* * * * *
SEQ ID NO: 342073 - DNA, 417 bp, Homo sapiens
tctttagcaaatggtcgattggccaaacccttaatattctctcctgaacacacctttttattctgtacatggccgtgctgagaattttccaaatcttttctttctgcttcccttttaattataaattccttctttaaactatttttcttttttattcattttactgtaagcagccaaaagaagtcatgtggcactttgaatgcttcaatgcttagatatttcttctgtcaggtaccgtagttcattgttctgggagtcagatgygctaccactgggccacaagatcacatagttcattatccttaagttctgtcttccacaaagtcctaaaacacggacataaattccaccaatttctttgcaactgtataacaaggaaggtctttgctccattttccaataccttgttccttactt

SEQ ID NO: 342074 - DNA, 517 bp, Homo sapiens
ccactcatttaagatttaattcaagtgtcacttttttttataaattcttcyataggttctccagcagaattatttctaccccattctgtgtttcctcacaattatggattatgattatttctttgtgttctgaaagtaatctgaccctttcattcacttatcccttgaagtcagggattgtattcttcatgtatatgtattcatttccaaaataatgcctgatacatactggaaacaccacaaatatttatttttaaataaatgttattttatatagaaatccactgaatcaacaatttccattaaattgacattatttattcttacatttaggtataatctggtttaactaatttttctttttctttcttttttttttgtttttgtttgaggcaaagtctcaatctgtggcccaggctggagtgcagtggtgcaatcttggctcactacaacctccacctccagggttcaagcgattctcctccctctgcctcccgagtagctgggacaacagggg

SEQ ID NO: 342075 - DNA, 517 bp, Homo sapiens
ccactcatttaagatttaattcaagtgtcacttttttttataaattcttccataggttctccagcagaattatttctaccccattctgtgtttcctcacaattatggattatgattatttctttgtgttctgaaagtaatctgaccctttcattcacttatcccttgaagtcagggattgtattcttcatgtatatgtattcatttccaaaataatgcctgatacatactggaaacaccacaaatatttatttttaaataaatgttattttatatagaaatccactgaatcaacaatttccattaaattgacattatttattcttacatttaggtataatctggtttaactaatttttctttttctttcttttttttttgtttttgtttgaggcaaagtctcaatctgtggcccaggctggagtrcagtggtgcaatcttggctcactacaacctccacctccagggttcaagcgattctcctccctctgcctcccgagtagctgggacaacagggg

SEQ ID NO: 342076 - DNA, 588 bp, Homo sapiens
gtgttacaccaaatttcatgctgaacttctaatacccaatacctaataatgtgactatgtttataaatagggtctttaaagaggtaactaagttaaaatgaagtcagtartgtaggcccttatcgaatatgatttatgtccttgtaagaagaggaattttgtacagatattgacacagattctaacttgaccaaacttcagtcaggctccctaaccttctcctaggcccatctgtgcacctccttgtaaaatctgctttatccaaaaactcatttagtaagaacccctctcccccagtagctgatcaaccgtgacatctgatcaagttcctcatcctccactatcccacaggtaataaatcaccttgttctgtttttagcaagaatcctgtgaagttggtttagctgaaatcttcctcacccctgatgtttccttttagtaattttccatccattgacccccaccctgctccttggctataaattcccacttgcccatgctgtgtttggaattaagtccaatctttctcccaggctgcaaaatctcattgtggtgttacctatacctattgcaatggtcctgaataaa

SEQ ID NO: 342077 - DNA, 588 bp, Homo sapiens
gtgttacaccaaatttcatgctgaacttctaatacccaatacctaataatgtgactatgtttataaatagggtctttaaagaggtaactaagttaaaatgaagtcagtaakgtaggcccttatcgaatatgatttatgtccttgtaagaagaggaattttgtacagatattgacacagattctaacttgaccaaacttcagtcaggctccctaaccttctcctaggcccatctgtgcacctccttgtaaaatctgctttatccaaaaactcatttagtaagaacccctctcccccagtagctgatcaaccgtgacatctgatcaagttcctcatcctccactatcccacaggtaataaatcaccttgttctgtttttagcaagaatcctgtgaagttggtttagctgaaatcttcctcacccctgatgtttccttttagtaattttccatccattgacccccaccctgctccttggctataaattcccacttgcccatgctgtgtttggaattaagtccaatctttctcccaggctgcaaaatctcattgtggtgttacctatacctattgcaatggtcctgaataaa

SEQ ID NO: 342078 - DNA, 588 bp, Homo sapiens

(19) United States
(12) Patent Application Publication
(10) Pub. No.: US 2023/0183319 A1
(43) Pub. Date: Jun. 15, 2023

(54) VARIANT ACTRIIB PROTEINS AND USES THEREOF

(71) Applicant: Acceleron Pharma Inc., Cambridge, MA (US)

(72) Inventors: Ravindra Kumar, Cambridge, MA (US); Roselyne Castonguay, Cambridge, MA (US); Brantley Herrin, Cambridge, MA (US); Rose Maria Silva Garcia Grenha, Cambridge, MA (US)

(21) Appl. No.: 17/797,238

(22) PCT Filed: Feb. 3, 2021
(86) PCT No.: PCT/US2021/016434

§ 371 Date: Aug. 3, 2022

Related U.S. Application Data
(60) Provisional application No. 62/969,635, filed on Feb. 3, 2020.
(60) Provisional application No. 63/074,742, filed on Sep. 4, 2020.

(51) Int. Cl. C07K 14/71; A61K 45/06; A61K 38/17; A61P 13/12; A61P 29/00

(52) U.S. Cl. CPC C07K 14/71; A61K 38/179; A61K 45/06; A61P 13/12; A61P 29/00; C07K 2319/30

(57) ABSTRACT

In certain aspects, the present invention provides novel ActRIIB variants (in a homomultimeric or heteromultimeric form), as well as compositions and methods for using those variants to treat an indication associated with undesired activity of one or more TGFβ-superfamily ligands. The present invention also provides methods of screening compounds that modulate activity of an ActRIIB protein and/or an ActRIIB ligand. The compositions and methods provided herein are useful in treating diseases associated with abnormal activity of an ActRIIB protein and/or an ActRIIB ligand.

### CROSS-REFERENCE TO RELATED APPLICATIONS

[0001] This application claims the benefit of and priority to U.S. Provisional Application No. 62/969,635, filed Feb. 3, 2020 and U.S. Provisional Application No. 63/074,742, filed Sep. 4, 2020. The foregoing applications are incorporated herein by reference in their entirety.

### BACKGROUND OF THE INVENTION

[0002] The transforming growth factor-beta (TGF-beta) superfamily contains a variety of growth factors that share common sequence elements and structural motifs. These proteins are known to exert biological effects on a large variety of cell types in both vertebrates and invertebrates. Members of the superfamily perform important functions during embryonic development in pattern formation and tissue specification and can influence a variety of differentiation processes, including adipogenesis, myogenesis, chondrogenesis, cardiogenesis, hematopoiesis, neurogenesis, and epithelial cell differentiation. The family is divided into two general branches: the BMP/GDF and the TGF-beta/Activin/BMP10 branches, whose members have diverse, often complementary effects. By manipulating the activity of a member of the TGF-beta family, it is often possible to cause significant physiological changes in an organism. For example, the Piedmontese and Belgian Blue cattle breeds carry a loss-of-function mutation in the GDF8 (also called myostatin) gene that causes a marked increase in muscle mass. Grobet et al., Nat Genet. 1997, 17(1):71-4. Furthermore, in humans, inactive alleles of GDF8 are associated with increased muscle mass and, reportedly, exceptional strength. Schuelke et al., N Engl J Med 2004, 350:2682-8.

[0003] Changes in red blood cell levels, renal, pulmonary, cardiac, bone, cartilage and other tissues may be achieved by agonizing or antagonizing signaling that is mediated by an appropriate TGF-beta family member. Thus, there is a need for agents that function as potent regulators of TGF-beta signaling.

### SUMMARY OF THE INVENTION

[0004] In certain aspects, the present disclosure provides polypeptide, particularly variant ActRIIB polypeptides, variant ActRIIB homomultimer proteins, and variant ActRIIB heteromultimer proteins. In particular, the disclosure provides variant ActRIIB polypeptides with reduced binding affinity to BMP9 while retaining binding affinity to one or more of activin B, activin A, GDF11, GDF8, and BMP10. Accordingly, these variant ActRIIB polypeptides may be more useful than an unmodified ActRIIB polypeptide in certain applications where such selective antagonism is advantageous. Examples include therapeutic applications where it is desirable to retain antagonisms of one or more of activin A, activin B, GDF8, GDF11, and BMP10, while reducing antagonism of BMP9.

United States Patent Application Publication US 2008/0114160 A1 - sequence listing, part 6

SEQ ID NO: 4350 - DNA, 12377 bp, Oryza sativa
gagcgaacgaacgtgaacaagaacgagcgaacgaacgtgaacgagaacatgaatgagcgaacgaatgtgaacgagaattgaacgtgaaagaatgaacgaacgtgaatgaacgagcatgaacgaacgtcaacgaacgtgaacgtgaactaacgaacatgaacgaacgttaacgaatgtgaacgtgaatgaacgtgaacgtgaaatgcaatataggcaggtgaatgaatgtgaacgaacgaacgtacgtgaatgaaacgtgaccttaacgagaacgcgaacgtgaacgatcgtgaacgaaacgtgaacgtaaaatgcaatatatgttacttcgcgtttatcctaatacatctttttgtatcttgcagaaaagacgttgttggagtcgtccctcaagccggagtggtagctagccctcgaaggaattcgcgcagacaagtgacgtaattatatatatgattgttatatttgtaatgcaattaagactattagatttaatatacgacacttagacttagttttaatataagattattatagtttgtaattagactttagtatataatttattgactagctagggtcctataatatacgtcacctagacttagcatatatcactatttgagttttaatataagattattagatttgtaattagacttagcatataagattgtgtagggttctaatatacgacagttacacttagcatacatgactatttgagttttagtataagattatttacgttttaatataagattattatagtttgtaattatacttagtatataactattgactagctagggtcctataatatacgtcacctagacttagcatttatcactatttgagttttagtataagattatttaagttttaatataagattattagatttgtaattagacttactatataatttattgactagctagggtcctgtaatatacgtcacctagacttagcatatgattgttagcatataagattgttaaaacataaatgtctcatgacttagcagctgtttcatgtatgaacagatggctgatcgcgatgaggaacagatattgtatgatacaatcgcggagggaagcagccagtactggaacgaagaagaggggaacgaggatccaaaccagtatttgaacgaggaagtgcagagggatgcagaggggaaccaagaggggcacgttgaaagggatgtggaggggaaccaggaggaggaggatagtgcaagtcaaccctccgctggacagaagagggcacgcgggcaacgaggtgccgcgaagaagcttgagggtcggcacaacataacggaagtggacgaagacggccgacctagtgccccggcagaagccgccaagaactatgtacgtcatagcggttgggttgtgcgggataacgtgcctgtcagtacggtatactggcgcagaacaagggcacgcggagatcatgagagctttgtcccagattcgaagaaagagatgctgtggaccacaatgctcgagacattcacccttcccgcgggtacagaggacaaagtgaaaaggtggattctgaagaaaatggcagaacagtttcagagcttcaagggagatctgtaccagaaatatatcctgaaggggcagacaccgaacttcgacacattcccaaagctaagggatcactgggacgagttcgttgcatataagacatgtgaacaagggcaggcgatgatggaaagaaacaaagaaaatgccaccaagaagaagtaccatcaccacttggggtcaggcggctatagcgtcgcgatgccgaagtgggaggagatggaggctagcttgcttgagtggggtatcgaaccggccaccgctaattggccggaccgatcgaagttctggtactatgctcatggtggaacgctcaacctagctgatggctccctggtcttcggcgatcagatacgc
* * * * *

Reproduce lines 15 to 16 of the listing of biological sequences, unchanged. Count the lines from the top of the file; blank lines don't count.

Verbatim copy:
(43) Pub. Date: Jun. 15, 2023

(54) VARIANT ACTRIIB PROTEINS AND USES THEREOF